Thinking of buying a new ’22’ plate car? The Motor Ombudsman offers some comprehensive advice to help you…
They tell us:
London, 01 March 2022 From today, all new cars leaving retailers in England, Wales and Scotland will carry the number “22” on their plates, the first of two registration series that that will be introduced this year. With March traditionally being one of the busiest and most important months for new car sales, The Motor Ombudsman is highlighting some key tips for consumers to consider when looking for a brand new vehicle.
The choice of retailer is essential
Choosing where to buy a car is just as important as the selection of the vehicle itself. Using a retailer that is accredited to The Motor Ombudsman’s Vehicle Sales Code and is listed on the body’s online Garage Finder, means the business is adhering to the highest standards of work and service. Should there be a dispute that you cannot conclude directly with a seller in the first instance, you will also have access to The Motor Ombudsman’s free-of-charge Alternative Dispute Resolution (ADR) service.
Wait times for delivery can vary
Due to the ongoing semiconductor chip shortage, which has impacted vehicle production around the world, the delivery of a new car may take longer. Therefore, enquire about what the lead times are from the point of ordering so that you have a gauge of what to expect. In addition, if the car is not being purchased at a local retailer, delivery charges may apply, so finding these out in advance may be useful for budgeting.
Electric motoring is on a charge
The choice of electric vehicles (EVs) on the market has grown rapidly, with zero emission models offering a different kind of “motoring lifestyle” compared to petrol or diesel equivalents. Therefore, looking at what range is offered between charges, where the vehicle will often be charged (i.e. on-street or on a driveway), how long this takes, and how much it costs to replenish the battery from empty with the tariffs offered, are all crucial considerations. If you are looking at electric cars priced under £32,000, they are eligible for a government grant of up to £1,500.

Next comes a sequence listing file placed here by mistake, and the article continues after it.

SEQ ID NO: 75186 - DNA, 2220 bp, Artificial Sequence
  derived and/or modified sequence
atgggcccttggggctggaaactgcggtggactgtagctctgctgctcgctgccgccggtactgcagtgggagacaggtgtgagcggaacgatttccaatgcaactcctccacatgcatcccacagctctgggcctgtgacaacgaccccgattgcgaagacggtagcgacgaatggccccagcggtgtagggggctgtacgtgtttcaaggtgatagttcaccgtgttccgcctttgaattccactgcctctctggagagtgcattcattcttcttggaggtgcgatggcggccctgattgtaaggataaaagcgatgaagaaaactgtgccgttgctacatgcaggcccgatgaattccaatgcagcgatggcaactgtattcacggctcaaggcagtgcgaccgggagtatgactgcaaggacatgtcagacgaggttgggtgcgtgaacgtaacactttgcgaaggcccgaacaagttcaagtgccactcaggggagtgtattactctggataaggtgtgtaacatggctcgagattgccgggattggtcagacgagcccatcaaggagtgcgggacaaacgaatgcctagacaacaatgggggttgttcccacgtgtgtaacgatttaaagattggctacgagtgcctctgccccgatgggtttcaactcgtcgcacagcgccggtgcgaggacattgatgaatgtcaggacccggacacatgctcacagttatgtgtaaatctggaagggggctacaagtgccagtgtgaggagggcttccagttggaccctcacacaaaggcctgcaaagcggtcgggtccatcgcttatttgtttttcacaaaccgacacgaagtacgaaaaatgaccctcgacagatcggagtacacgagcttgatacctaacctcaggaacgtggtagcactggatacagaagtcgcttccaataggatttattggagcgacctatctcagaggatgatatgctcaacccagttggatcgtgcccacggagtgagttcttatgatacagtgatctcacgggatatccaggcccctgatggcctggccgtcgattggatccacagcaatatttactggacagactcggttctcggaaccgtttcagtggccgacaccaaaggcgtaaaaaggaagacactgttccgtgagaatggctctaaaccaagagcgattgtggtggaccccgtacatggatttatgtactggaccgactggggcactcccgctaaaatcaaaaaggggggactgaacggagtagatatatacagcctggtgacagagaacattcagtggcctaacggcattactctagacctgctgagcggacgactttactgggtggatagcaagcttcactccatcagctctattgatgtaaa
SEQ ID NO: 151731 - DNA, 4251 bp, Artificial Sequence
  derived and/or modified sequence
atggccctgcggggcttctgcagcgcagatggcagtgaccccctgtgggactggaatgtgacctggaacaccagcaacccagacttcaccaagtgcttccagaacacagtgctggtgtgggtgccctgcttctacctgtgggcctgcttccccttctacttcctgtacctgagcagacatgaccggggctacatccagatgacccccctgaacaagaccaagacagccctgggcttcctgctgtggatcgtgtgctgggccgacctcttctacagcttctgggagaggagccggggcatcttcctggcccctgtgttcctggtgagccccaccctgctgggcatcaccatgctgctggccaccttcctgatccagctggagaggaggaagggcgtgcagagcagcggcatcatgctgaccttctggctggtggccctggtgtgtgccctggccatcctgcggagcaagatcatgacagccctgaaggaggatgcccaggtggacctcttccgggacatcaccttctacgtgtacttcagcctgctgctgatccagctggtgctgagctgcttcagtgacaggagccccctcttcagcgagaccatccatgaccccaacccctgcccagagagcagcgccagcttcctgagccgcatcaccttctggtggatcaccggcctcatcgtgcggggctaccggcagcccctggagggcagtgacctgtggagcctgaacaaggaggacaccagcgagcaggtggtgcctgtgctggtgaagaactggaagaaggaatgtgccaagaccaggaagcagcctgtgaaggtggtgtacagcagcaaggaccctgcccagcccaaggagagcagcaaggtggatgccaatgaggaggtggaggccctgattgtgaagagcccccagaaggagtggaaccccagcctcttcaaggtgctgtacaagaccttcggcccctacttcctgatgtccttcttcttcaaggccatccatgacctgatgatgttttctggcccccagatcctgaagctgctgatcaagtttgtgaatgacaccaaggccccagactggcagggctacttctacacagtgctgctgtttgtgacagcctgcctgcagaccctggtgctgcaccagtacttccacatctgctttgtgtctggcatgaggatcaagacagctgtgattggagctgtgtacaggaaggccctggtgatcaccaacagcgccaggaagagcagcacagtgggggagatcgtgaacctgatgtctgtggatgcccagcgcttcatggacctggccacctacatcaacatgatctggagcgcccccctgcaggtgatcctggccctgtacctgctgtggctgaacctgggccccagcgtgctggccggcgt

Non-refundable deposits are generally the norm
It is commonplace that, once a deposit has been put down on a new car, a legally binding contract has been formed with the seller. This means that you won’t be entitled to get it back, unless there are some exceptions that have been stated up front, so it’s essential to be sure in your decision prior to going ahead with the purchase.
Test drives provide a first-hand experience of a car
As well as doing initial research and reading reviews, putting a car to the test is when you will truly find out whether the particular make and model is right for you. It’s a great opportunity to ask questions, and to get a feel for how the car performs on different types of roads, such as motorways and country lanes. Similarly, being at the wheel is an ideal chance to gauge the level of comfort, visibility and space, and how intuitive the in-cabin technology is, such as the infotainment and satellite navigation systems.
You have a choice as to how to pay for a car
There are various ways to buy a car according to what best suits your finances. This can vary from paying in one lump sum, to putting down a deposit as part of a personal contract purchase (PCP), or arranging a leasing agreement through the Motability Scheme if you qualify. Ultimately, you need to ensure that the car meets your budget, and that any monthly payments will be affordable throughout the contract term. Therefore, only sign on the dotted line once you are happy with the finance agreement.